The application of technology in tourism and hospitality services is growing each day. Using robots in hospitality establishments is becoming more and more popular, mainly because it can help cut labor costs, increase efficiency and reduce human contacts.
The hospitality and tourism industry was a late adopter of service robots because many tasks are required to respond to customers’ needs. Robotic services have been implemented in many hotels worldwide for errands such as check-in, vacuuming floors, conveying items to visitors, and attendant services. In the travel and tourism industry, robots perform various tasks, including preparing beverages, engaging visitors, guiding visitors, and providing data to visitors.
The Henn-na Hotel in Japan is one of the first in the field, with robots serving as the entire staff. In the last five years, hotels in the United States, such as Aloft Hotels and Hilton Hotels, have used robotic services.
Back-office (for example, to control fluid when serving bar drinks) and front-office activities such as BellBot; and robots as receptionists, bellboys, exhibition hall guides, ‘attendants, maids, servers and barkeeps, gear stockpiling staff, conveyance robots, stewards, and room service help, chatbots and online customer care staff are all examples of how robots can be used in various help settings, jobs, and activities.
Robots perform other tasks like storing luggage, cooking omelets, delivering toiletries, greeting, providing information about local attractions, room delivery, riding elevators, playing music, dancing, removing trash, and changing linens.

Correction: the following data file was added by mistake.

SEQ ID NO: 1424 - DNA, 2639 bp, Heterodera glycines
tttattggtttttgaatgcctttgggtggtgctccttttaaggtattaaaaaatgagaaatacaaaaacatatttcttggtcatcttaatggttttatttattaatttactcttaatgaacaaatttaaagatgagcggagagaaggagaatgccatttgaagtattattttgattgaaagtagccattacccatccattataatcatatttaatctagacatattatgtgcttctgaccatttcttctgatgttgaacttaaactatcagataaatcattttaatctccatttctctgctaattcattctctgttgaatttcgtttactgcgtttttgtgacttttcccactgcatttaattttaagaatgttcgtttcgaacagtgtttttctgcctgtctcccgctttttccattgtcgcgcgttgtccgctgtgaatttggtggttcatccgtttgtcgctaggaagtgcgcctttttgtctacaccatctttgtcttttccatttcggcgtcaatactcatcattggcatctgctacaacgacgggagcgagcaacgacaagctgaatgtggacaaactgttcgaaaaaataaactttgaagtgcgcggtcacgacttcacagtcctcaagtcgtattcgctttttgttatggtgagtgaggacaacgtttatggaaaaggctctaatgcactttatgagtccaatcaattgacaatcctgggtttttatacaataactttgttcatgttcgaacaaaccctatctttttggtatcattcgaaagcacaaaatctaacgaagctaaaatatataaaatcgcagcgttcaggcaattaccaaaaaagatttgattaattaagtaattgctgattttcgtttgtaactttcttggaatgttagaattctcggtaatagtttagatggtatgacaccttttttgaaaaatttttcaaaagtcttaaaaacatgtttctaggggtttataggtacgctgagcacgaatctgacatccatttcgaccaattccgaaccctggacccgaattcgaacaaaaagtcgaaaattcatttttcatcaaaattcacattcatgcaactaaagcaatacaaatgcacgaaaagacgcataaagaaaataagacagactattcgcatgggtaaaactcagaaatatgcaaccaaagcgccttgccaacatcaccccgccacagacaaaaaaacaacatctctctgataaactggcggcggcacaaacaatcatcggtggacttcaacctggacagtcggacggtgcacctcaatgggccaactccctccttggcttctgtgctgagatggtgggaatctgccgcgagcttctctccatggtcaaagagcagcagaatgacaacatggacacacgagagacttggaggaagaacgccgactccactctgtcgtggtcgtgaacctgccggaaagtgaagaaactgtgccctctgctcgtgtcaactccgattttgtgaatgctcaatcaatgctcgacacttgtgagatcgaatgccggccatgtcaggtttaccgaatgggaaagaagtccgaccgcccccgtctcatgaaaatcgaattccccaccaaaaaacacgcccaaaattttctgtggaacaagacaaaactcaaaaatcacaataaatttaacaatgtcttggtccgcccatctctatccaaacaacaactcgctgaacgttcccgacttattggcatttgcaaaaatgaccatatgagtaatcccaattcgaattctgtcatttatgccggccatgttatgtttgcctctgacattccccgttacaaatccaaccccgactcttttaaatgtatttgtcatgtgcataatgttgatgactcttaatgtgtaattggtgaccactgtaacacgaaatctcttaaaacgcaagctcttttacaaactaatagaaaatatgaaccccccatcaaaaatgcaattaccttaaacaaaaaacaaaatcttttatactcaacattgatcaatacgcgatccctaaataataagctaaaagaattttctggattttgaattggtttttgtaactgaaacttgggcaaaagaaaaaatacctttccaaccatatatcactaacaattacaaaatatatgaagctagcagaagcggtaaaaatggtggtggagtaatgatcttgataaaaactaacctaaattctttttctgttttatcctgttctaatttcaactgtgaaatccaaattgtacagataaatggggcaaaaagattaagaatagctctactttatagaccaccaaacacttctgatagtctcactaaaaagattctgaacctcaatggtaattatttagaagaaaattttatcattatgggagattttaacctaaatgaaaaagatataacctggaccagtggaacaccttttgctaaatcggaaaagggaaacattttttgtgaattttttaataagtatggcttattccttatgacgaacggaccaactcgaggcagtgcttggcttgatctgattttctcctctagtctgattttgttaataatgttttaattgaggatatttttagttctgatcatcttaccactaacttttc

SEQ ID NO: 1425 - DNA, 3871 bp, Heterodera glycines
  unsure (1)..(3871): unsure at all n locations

Companies in the tourism and hospitality industries can use service robots to create physical separation. Robotic room service and cleaning, food/parcel delivery robots, autonomous vehicles, delivery drones, and other robots eliminate physical contact between tourists and employees, reducing the risk of infection.
The experience of the COVID-19 pandemic shows that as robots are not affected by the virus, robotic technology could be used efficiently and effectively for cleaning, disinfection, delivering food and medicines, and providing information about the pandemic to people (although a computer virus can infect them). Furthermore, suppose a guest is infected and must remain in the room under quarantine. In that case, a hotel can use robots to deliver food, linen, and other items without jeopardizing the staff’s health and safety.
Robots are also beneficial during the pandemic for helping nurses deliver food to patients. Otherwise, nurses have to wear protective suits, which take at least ten minutes. With robots, health risks for nurses are prevented, and they use their time for more important medical treatment tasks.
Service robots may help keep a high level of physical distancing, which helps provide a more secure service to tourists during a pandemic. People may be more concerned about their safety in a post-viral world, so robotics may become more common; safety and security may be one of the main factors influencing tourists’ choice of a destination and specific tourism/hospitality service provider.
A technological barrier provided by robots separates tourists and tourism/hospitality employees. As a “people business,” tourism heavily relies on human employees to provide services. Customer perceptions, service experience, and service quality are influenced by the service staff’s empathy, emotional intelligence, appearance, and efficiency.
As a result, the automation and robotization of tourism and hospitality services may result in the loss of important aspects of the customer experience. All in all, robotic services can improve guests’ intellectual, sensory, and behavioral experiences and these enhanced experiences lead to customers posting positive comments online.